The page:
And then—he started using the Ready to Learn plan too much.

For example, he would tell the teacher, “I’m using my plan and going outside for five minutes,” go outside, but, five minutes became 10 minutes and then we’d see him wandering around distracting other classrooms. We had meeting after meeting with him because we didn’t want to give up on him or the Ready to Learn Plan. We had to keep coaching, reminding him, refining the plan to get his buy-in; and importantly, we as a staff had to work together to monitor when he was taking advantage of the pre-determined agreements.

Yes, we talked about some of his poor choices, but the heart of the conversation with him was: “Let’s keep talking about this plan. Sometimes the ‘five minutes’ strategy is working with you, but sometimes, it may be better for you to first choose something that you can do inside the classroom; select another seat, or quietly draw until you feel yourself breathing again.”

Now it’s the end of term two, and we’ve refined his strategy to ‘three minutes outside’. He can do it, although it’s not always perfect. But he’s using the plan and he’s using it well. And we are getting better as a staff and leadership to communicate with each other, so we have better eyes on the ground when he needs to be left alone, and when he needs assertive reminders that the three minutes is up. We’ve gotten so much better at monitoring and supporting kids like this in purposeful ways and our tracking of this data is really helping us.

Our teachers are increasing their ability to gauge how he is travelling, and they can better direct which strategy from the Ready to Learn Plan should be used at a particular time.

His goals for next term? Well the goal for us and him is to find a meaningful learning program for him. Right now, he’s rejected the various [academic] pathways we have at the school. He struggled in the hands-on applied learning classes; then he bounced around the sports-centred programs, so next term, we need to really figure out with him which areas of school he wants to invest in as his learning pathway. We want him to have a positive leadership role because he shows this strength with his friends.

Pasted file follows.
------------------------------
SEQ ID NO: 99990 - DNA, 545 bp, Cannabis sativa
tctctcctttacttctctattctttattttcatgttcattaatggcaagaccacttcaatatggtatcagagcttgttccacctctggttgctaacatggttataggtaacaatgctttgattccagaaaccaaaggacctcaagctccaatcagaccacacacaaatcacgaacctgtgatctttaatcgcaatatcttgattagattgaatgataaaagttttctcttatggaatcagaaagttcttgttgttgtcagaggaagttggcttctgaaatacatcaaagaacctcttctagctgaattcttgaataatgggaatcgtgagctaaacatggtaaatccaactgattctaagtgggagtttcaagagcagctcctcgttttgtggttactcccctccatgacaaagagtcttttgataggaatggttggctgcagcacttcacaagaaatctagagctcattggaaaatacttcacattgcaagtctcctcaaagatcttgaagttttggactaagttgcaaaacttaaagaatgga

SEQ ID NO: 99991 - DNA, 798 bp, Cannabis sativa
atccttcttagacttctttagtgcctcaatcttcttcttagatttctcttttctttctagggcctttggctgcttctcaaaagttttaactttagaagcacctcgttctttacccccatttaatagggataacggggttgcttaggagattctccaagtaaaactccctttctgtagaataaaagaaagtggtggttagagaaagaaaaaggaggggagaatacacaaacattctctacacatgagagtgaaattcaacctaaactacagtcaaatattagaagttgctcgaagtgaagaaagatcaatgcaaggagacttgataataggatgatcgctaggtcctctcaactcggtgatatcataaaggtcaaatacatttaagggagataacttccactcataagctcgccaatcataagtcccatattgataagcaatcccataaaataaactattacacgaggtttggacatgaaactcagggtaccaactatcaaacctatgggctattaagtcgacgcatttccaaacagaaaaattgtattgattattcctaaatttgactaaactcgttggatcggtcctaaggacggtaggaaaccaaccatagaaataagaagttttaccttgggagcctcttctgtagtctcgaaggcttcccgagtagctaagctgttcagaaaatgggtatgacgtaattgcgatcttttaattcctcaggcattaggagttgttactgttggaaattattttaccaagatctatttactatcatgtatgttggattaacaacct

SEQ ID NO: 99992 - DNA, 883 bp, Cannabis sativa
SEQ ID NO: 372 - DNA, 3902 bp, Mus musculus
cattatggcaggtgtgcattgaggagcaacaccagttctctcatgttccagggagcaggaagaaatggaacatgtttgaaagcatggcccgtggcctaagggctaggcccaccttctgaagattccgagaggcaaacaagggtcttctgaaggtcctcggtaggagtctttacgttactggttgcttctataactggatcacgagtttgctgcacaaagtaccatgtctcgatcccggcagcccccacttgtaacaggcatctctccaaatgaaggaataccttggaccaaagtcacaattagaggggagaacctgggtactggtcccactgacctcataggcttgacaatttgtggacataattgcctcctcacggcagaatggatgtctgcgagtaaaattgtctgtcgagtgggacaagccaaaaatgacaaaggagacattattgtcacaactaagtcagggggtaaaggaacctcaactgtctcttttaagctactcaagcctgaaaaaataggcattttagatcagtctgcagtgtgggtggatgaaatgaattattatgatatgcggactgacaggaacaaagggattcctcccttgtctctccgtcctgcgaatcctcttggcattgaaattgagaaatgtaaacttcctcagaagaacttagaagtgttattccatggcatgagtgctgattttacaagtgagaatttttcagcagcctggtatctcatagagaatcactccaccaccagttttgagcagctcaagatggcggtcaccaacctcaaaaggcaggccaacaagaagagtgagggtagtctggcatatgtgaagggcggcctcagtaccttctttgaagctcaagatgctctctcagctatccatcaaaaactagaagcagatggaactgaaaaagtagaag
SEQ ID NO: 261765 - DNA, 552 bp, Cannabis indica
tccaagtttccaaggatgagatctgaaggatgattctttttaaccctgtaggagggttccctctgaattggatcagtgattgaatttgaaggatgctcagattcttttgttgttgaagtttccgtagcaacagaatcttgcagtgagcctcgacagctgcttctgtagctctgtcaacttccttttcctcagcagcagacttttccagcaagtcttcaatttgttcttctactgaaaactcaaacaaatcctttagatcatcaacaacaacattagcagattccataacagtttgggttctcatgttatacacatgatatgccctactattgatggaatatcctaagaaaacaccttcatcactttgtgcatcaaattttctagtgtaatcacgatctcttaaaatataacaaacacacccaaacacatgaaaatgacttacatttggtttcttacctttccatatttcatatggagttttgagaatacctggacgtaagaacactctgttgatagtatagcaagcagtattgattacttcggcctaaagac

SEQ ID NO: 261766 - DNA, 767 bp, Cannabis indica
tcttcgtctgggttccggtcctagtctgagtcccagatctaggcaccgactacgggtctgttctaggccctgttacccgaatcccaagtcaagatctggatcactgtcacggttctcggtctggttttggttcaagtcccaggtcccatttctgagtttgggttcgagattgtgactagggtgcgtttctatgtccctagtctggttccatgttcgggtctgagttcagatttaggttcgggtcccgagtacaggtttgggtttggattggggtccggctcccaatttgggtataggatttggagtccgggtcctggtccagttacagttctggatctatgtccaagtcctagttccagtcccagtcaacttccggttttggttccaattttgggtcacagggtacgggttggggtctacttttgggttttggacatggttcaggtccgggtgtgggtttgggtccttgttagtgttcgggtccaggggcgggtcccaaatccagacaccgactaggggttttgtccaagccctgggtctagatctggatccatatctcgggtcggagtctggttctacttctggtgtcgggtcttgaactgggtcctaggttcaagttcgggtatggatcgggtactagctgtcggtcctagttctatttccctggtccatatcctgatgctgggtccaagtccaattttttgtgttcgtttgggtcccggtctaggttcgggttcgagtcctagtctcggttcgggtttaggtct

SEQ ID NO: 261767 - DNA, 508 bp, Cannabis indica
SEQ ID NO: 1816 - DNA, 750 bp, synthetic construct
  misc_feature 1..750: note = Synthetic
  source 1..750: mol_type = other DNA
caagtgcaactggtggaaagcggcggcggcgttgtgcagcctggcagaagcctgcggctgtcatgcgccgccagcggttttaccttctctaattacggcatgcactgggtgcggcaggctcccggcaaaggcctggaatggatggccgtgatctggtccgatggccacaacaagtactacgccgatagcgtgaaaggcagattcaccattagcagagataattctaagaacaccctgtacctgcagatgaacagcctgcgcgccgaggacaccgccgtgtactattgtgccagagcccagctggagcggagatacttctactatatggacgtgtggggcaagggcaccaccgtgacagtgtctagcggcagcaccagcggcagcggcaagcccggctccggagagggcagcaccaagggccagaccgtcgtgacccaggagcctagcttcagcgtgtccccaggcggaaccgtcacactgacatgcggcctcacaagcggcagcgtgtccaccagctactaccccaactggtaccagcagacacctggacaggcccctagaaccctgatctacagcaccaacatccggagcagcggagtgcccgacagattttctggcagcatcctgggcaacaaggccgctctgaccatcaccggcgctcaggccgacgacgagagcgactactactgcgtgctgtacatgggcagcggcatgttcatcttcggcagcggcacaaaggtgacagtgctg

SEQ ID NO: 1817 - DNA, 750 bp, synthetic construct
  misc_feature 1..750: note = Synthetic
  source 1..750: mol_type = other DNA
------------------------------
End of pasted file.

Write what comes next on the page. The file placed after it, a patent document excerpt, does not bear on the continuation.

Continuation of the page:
My advice for other schools working closely with students like this student: It’s a long journey. You need to have short-term goals and long-term goals, and you can’t give up. We didn’t give up on the Ready to Learn Plans. That was a short-term goal that’s now a semester goal. He ignored it for five weeks—and that’s a long time, and we didn’t know if he would really take it on. There are no quick fixes, and we are committed to staying with the strategy.

Another important piece of advice I want to give is that the Ready to Learn Plans were for every student. This student already felt singled out his whole life, and he needed to see that our school was going to prioritise it, refine it, keep creating the next version with him and all the students. His story is symbolic, there are many other students with similar stories. We dedicate a lot of time to BSEM strategies at Monterey. We have a class (one hour) in the junior school dedicated to unpacking the Berry Street strategies with the students. We wouldn’t be where we are now without dedicating the time and the students’ focus on these strategies.